Suchana Semi-annual Survey 2019 Report
- Bangladesh has significantly improved its poverty and food security status over the years. Still there is scope to improve nutrition and livelihood status at the rural marginal level. With this goal, focusing on children, women and adolescent Suchana project has started working since 2016 and will continue till 2022. The project design considered 5 pillars as a) improved nutrition governance, b) improved access and utilization of nutrition specific and sensitive services, c) better nutrition through improved economic status, d) increased knowledge, skills and power of targeted households in particular women of reproductive age and e) robust evidence of impact generated for scale-up. The objective of the semi-annual survey is tracking the performance of phase-2 and phase-3 beneficiaries with a set of indicators for the senior management to take an informed decision. The key focus of these indicators is measuring the results under pillar 3 of Suchana and analyzing them to determine whether the program is on course to achieve its objectives. This study followed multi stage cluster sampling and collected 2400 samples for quantitative analysis in total. Among the total sample, 1200 samples were collected from phase 2 and rest 1200 samples were from phase 3. All the quantitative data were collected using CAPI device. The study also conducted 32 FGDs, 18 KIIs with private actors, NGO officials, government officials, output sellers etc., 78 KIIs with market actors and 10 case studies. The analysis found the percentage of beneficiaries that save in VSLA has increased significantly. Whereas around 20% beneficiaries were saving via VSLAs at the beginning of phase 2, now around 92% beneficiaries are saving via this channel. In case of satisfaction over inputs (regarding vegetables, fingerling, poultry, livestock.), around 87% beneficiaries were satisfied or moderately satisfied during the phase 2 (2018), whereas now around 92% beneficiaries are satisfied or moderately satisfied with the inputs. Around 84% of respondents were engaged in homestead gardening and on average the production per household in a season is 68 kg observed in phase 2. The majority of the beneficiaries (98.4%) used at least one improved production technology. Pit cropping technology was adopted by 55% respondents in the phase 2 (2018) and now around 75% respondents are using pit cropping technology in phase 2. However, the percentage of using floating beds and tower gardens is relatively lower. The project can focus on building awareness regarding these technologies. Uses of improved technology have increased significantly in case of aquaculture. The present study found that after one year of interventions, more than two-third (69%) of both IGA-aquaculture BHHs and HFP-aquaculture BHHs followed ‘carp-poly culture using improved aquaculture practices’ and those were 57.6% for IGA-ponds and 36.2% for HFP-ponds at the beginning. No respondents to use the traditional (natural) technology for fish farming whereas it was 29.4% for HFP-aquaculture and 2.6% for IGA-aquaculture. The average annual fish productions have increased in 86 Kg for IGA-aquaculture BHHs and 42 Kg for HFP-aquaculture BHHs at phase 2 working areas which were 38 Kg for IGAAquaculture and 26 Kg for HFP-aquaculture before the interventions. The average number of poultry in phase 2 is 11 per household whereas at the phase 2 (2018), it was 5 for HFP poultry and 9 for IGA poultry. The usage of improved technology in case of poultry rearing has also increased (66% in phase 2 (2018) and 73% now in phase 2 (2019)). More beneficiaries of phase 2 are now using hatching (Hazol) pot (46%) compared to that of phase 2 (2018) (22%). The effectiveness of awareness building regarding poultry rearing is conspicuous. The statement is true in case of vaccination as well. While 10% respondents used vaccination in phase 2 (2018), now around 43.6% respondents are using vaccination. The project facilitated the linkage between the vaccinator and beneficiaries that improved the vaccination practice of the respondents. This also reduced the mortality rate of the poultry from 38% in phase 2 (2018) to 29% at present in phase 2 (2019). The analysis found that, the number of beneficiaries involved in livestock rearing during last six months has been proliferated. During the phase 2 (2018) around 59% respondents were involved in livestock rearing out of 191 beneficiaries. The number significantly engendered at the present survey and now around 88% respondents are involved in livestock rearing. Moreover, beneficiaries are now more aware of symptoms of diseases of livestock (98.5%) compared to that of phase 2 (2018) (81%). The average sales volume has also increased at present compared to phase 2 (2018). During the phase 2 (2018), average sales for HFP aquaculture was 4 kg and IGA pond fish culture was 7 kg. However, now average sales for HFP aquaculture increased to 8.28 kg and IGA pond fish culture to 19.23 kg per year. Around 91.8% of cases, respondents purchased packaged seeds from the market. Although access to market has been increased over the year, around 57.9% respondents sold their produced goods in local market. Overall, 69.6% respondents are satisfied and 7.5% are very satisfied with the access to market among the respondents of phase 2. The average HFIAS score has decreased for phase 2 (2.67) compared to the phase 2 (2018) status (in 2018 survey, it was 4.97 phase 2). Therefore, we can conclude that the food security status of phase 2 respondents has been improved over time. The study found that above half of the total 1200 respondents of phase 2 (56%) are within food secured category while at the beginning 14% respondents were within this group. Clearly the food security status of the respondents of phase 2 has been ameliorated. Severely food insecurity status has decreased as well by 6%. While 17% respondents were under severely food insecure category at the beginning of phase 2, now 11% respondents fall under this category. The dietary diversity status of the respondents has improved compared to the phase 2 (2018). Whereas it was 30% (4 or more food group) now it is 43.8 percent. Regarding women's dietary diversity, 39 percent respondents are above the threshold of 5 or more groups that was 36 percent in the phase 2 (2018). Women’s access to market has increased over the time as 49% respondents reported that women took IGA decision during phase 2 (2018), now around 53% women are taking decision regarding IGA expenditure. Women participation regarding buying input has improved (Phase 2 of 2018 was 36% and Phase 2 of 2019 was 48%).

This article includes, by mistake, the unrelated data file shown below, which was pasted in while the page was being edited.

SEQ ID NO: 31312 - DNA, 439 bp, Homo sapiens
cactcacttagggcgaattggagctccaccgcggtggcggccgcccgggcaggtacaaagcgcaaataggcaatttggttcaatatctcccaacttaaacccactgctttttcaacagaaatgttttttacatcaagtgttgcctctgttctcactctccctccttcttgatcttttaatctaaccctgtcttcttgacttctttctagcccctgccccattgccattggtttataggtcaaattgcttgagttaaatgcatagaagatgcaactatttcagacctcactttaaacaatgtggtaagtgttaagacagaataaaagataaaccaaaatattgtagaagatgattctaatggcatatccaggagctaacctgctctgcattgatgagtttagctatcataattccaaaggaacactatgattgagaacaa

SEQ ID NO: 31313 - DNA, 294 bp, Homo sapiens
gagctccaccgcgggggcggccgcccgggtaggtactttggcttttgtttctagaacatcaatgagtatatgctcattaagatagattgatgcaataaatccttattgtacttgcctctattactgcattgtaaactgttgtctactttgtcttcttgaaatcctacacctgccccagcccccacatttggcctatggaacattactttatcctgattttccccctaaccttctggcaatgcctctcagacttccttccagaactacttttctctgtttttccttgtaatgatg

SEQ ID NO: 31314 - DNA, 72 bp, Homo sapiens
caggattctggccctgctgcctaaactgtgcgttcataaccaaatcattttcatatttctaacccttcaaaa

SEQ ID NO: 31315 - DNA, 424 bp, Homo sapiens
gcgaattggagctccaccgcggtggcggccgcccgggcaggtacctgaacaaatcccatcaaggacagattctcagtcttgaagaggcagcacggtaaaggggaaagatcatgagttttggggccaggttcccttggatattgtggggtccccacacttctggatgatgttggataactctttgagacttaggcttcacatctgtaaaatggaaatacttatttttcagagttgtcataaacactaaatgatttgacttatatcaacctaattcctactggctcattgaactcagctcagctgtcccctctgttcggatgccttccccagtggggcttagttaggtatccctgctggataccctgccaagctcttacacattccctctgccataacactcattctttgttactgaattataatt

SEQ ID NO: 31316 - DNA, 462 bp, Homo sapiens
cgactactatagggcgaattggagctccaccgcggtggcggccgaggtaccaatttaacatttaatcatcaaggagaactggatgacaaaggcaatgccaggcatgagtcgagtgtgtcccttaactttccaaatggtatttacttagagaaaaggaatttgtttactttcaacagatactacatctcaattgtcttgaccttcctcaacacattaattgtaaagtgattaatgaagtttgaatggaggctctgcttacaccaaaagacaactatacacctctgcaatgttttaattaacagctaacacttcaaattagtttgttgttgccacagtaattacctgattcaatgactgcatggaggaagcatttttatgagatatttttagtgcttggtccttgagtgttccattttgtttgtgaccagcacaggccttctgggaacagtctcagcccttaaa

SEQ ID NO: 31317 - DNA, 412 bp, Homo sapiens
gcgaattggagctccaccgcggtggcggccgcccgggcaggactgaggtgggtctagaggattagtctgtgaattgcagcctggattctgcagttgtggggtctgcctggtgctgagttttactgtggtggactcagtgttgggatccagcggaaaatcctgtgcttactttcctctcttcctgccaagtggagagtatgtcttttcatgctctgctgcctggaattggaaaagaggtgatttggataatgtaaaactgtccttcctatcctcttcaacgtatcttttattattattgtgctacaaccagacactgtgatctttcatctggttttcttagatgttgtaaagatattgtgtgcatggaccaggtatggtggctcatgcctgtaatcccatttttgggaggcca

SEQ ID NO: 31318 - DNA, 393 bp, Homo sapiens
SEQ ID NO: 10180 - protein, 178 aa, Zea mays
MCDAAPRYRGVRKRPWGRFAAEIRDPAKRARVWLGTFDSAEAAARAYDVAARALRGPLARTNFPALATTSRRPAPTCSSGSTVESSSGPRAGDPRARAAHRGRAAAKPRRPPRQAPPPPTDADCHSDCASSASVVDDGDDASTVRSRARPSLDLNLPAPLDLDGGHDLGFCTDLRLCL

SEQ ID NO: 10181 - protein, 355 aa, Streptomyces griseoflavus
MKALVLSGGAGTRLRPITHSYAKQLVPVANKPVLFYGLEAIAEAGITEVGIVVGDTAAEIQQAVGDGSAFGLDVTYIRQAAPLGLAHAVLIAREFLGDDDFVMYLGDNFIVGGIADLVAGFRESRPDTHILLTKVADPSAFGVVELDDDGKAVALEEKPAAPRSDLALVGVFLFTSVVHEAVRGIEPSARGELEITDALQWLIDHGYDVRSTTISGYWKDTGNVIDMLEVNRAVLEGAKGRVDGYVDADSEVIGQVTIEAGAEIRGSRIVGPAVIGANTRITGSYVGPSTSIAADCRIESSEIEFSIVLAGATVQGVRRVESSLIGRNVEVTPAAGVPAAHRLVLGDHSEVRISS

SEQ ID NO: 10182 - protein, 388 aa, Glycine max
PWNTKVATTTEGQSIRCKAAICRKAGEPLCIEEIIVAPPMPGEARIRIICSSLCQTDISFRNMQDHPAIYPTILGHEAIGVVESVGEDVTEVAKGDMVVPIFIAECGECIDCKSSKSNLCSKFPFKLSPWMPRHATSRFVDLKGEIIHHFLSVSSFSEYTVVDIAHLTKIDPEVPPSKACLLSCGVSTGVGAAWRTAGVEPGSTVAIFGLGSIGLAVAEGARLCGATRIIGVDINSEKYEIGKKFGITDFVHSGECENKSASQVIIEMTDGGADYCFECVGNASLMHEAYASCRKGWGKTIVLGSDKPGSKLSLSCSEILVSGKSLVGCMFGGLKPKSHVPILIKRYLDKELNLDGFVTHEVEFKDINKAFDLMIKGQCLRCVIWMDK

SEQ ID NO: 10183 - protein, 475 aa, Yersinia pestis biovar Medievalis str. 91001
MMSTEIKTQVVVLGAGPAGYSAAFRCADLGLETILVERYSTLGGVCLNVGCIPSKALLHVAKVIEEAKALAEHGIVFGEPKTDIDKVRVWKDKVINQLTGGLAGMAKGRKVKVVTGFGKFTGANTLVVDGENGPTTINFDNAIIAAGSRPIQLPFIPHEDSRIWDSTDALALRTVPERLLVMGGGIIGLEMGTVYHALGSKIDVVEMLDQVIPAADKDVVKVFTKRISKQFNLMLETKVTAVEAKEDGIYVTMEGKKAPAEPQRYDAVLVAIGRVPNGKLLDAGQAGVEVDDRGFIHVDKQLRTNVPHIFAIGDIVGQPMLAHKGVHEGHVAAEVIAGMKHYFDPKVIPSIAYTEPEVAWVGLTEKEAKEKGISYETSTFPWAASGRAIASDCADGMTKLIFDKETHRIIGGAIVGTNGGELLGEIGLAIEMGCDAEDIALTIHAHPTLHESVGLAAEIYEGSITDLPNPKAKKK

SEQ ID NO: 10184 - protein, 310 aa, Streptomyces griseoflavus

Samina Afrin, K.
- Internal Report
- The Nielsen Company (Bangladesh) Ltd.